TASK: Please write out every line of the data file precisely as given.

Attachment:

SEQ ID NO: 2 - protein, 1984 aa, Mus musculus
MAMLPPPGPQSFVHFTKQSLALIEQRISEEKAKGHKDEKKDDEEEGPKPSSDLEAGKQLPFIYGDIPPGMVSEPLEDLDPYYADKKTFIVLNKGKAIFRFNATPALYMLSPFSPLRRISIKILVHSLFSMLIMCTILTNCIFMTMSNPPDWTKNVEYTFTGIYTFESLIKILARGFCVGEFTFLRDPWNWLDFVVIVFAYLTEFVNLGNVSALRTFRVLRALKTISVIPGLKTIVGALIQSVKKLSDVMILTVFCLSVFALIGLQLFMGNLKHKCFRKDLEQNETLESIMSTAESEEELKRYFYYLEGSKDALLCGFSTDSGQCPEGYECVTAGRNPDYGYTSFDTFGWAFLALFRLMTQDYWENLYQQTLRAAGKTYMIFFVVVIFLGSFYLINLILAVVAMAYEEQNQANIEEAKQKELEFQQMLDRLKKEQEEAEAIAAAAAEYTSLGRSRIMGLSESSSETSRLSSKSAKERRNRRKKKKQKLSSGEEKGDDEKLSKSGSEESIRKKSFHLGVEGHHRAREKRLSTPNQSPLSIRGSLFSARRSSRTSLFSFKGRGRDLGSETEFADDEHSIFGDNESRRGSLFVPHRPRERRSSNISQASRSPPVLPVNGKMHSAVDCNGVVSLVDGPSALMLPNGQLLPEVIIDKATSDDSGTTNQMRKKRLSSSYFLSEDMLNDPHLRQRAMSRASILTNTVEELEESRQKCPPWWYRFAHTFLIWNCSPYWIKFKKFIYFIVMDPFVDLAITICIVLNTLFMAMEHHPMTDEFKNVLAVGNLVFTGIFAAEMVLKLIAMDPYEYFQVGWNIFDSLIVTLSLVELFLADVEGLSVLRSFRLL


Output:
SEQ ID NO: 2 - protein, 1984 aa, Mus musculus
MAMLPPPGPQSFVHFTKQSLALIEQRISEEKAKGHKDEKKDDEEEGPKPSSDLEAGKQLPFIYGDIPPGMVSEPLEDLDPYYADKKTFIVLNKGKAIFRFNATPALYMLSPFSPLRRISIKILVHSLFSMLIMCTILTNCIFMTMSNPPDWTKNVEYTFTGIYTFESLIKILARGFCVGEFTFLRDPWNWLDFVVIVFAYLTEFVNLGNVSALRTFRVLRALKTISVIPGLKTIVGALIQSVKKLSDVMILTVFCLSVFALIGLQLFMGNLKHKCFRKDLEQNETLESIMSTAESEEELKRYFYYLEGSKDALLCGFSTDSGQCPEGYECVTAGRNPDYGYTSFDTFGWAFLALFRLMTQDYWENLYQQTLRAAGKTYMIFFVVVIFLGSFYLINLILAVVAMAYEEQNQANIEEAKQKELEFQQMLDRLKKEQEEAEAIAAAAAEYTSLGRSRIMGLSESSSETSRLSSKSAKERRNRRKKKKQKLSSGEEKGDDEKLSKSGSEESIRKKSFHLGVEGHHRAREKRLSTPNQSPLSIRGSLFSARRSSRTSLFSFKGRGRDLGSETEFADDEHSIFGDNESRRGSLFVPHRPRERRSSNISQASRSPPVLPVNGKMHSAVDCNGVVSLVDGPSALMLPNGQLLPEVIIDKATSDDSGTTNQMRKKRLSSSYFLSEDMLNDPHLRQRAMSRASILTNTVEELEESRQKCPPWWYRFAHTFLIWNCSPYWIKFKKFIYFIVMDPFVDLAITICIVLNTLFMAMEHHPMTDEFKNVLAVGNLVFTGIFAAEMVLKLIAMDPYEYFQVGWNIFDSLIVTLSLVELFLADVEGLSVLRSFRLL